Our clients often ask us for junior and middle-grade clinicians with UK experience. At first glance, this appears harmless. However, David Green, Remedium’s CEO, explains why moving these doctors from one NHS trust to another does nothing to address the national staffing shortfall.
The NHS workforce crisis is now at such a critical juncture. Pre-Covid-19, it was estimated that there were 100,000 vacancies across the NHS workforce; 11,000 of which were for qualified doctors. However, the pandemic has placed even greater pressure on an already exhausted and stretched workforce, with self-isolation leading to increased staff absences in the shorter term, and recent research suggesting that even more staff will retire early in the long-term due to Covid-burnout.
It is widely recognised that we’ve not trained enough doctors in the UK to meet demand and so it is vital that the UK increases educational opportunities for young trainee clinicians by investing in more medical school placements. However, increasing the number of doctors going through training will help, but not immediately. So, given the pressing national staff shortages we face right now, the NHS must look to recruit more trained doctors from overseas to plug the gap.
“Increased ethical international recruitment will be vital to addressing the current NHS workforce crisis.”
– The King’s Fund
Given the urgency of this staffing issue and a widespread acceptance of the need for increased recruitment from overseas, I am surprised by the number of NHS trust clients who ask Remedium to assist with sourcing high calibre clinical candidates with UK experience as a minimum requirement. If we continue recruiting doctors from one NHS trust and placing them in another, how will we ever tackle the workforce crisis?
As it stands, the UK simply does not have enough of our own and so we must bring in junior and middle-grade clinicians from overseas to meet the shortfall. If NHS trusts do not close this gap urgently, remaining staff will continue being left to carry the burden by working increasingly longer shifts, taking fewer days off and carrying a heavier workload – leading to the kind of workplace stress that provides the breeding ground for UK doctors’ burnout, mental ill health and early retirement.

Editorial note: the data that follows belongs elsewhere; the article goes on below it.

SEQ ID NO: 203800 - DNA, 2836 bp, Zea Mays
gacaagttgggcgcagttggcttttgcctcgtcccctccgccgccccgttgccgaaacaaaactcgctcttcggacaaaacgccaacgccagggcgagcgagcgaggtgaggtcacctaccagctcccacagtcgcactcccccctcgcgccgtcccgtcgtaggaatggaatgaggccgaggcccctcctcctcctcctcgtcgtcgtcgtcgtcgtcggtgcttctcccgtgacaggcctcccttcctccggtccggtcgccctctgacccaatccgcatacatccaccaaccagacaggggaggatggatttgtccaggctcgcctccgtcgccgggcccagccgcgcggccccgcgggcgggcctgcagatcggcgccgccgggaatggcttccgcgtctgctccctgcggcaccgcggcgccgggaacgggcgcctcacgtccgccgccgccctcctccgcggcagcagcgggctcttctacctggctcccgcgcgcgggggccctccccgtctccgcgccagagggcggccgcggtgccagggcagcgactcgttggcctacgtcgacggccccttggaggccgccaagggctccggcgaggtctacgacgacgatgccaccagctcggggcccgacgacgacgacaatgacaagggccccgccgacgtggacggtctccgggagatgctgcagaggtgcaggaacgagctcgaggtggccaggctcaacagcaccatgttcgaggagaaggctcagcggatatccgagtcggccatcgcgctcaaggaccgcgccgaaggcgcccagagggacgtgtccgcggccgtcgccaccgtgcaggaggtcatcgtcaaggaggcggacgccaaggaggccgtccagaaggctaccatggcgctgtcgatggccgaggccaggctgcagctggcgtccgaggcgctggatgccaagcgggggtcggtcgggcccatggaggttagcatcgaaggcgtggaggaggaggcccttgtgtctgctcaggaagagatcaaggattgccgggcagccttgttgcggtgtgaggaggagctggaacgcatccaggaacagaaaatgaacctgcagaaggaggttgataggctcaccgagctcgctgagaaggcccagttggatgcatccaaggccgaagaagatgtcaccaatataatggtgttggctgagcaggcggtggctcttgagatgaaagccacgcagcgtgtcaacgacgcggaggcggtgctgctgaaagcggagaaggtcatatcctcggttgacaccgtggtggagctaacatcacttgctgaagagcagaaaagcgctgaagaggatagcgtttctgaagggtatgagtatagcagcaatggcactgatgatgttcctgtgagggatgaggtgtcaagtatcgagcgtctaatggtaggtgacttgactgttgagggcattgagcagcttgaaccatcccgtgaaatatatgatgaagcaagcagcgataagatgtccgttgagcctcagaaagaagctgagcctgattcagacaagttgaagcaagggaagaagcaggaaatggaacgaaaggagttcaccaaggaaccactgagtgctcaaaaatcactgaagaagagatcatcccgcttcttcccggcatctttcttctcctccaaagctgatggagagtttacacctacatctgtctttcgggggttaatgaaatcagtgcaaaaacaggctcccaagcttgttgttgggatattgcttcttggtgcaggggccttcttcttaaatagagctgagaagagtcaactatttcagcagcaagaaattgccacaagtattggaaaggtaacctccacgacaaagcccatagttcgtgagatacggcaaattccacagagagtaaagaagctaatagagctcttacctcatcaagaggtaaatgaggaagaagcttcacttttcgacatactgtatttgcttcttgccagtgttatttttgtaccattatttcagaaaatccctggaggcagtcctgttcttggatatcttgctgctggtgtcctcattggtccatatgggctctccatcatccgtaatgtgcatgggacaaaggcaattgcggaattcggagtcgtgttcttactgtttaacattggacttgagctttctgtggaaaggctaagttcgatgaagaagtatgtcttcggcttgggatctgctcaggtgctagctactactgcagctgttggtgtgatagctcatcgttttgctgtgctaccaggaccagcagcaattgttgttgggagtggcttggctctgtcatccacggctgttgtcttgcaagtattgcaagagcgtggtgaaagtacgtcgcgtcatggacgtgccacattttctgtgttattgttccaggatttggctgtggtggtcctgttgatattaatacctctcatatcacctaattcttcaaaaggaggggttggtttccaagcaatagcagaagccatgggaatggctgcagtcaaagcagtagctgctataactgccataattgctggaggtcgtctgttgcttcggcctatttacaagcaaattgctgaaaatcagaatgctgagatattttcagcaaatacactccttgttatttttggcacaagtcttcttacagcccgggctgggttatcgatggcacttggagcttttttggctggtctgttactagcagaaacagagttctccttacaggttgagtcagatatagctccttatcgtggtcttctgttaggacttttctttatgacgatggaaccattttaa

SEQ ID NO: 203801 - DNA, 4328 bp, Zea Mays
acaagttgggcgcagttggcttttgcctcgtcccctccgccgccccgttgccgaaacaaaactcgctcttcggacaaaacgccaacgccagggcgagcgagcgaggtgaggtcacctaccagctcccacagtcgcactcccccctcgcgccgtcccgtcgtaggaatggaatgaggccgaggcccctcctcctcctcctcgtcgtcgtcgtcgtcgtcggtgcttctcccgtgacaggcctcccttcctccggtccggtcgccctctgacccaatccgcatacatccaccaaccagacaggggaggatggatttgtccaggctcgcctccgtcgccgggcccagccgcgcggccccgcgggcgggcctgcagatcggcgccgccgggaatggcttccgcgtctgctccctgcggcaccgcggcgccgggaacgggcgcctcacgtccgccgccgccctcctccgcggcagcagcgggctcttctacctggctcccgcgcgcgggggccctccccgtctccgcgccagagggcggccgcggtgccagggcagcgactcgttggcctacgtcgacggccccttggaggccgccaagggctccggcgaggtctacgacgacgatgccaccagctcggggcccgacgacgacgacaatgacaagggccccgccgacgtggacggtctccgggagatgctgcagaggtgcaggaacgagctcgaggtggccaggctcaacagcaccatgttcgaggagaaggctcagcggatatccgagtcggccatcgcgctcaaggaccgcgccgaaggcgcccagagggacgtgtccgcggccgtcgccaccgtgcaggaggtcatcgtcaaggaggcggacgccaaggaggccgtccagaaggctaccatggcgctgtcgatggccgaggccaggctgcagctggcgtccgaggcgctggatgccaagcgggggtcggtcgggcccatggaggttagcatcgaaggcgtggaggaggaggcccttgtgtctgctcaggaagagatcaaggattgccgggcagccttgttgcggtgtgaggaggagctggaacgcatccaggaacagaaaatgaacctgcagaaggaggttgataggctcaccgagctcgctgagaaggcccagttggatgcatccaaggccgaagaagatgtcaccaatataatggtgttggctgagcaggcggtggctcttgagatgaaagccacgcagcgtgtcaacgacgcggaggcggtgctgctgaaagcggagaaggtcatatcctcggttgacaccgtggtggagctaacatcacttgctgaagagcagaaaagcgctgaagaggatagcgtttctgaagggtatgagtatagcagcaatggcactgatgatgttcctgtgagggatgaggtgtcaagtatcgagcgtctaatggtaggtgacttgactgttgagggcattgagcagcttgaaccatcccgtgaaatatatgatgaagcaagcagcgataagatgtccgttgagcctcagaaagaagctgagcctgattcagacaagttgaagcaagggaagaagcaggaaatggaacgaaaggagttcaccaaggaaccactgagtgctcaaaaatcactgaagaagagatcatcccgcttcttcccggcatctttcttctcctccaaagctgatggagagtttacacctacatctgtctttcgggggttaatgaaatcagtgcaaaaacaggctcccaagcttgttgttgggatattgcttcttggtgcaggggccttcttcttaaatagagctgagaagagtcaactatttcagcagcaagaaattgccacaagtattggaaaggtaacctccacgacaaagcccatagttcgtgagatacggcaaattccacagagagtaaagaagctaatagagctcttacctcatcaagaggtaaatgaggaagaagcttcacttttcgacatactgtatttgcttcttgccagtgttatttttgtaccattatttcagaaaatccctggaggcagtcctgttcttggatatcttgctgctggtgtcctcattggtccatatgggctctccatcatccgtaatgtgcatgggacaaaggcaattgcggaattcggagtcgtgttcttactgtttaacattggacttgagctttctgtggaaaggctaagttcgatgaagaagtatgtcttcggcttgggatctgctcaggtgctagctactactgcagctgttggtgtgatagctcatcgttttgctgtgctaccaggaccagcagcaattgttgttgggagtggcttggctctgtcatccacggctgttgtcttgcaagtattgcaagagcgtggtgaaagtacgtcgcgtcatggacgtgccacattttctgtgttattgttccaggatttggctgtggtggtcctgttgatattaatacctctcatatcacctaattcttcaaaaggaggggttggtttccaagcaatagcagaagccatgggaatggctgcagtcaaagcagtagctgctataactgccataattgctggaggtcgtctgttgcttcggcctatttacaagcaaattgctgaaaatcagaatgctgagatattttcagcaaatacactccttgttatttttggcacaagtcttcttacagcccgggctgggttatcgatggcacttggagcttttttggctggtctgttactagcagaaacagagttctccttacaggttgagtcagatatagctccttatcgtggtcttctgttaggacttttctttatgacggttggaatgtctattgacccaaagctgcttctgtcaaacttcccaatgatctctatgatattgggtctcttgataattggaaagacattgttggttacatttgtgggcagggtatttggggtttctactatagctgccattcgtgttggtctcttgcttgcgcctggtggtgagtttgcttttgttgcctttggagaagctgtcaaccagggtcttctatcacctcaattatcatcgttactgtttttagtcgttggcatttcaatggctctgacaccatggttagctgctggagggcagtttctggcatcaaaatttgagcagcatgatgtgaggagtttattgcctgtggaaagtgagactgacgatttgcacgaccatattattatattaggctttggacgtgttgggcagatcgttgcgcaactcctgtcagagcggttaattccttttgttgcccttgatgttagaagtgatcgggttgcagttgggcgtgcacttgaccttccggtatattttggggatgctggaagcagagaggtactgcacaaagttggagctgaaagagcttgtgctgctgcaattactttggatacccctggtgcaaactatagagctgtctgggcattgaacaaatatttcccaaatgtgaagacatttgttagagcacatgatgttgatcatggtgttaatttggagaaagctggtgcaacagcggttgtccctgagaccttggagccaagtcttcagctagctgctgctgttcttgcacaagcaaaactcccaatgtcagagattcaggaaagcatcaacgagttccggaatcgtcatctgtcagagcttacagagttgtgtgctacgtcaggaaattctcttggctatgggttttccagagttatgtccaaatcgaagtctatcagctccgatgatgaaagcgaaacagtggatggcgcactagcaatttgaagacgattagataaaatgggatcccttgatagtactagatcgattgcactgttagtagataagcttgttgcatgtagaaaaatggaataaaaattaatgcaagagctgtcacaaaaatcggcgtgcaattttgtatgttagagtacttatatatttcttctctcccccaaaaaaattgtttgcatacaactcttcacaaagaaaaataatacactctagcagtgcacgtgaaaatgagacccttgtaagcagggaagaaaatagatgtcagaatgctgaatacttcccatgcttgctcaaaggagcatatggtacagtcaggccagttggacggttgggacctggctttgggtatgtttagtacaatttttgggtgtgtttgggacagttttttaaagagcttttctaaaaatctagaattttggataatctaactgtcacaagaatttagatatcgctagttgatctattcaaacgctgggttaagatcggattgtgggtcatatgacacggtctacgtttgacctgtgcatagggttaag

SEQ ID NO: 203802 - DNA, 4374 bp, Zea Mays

“If we continue recruiting doctors from one NHS trust and placing them in another, how will we ever tackle the workforce crisis?”
– David Green, CEO at Remedium
Historically, the UK has always looked overseas to staff our NHS. According to recent government statistics, 1 in 7 NHS staff report a non-British nationality and 20 percent of hospital doctors are non-EU nationals. It is for this reason that I simply cannot understand why the provenance of a doctor’s experience is of concern. All doctors who come from abroad to work in the NHS must have passed the relevant exams for their specialty and meet rigorous GMC-mandated English language requirements. Should their extensive training and career experience really count for less, just because it was gained in another country? Granted, the NHS is a unique system and clinicians will inevitably take time to get up to speed, but surely anyone moving from one job to another will need time to adapt to new surroundings and a new way of working.
When I co-founded Remedium in 2013, I did so with a strong vision and purpose – to solve the UK healthcare staffing crisis. Today, the outbreak of Covid-19 has significantly impacted an already dwindling workforce. It has, of course, put the immense resilience of our NHS heroes in the national spotlight, but it has also, no doubt, exposed what lies ahead for the NHS in the future if we don’t act now. We remain dedicated to our mission and so continue to advocate for the increased recruitment of permanent doctors from overseas.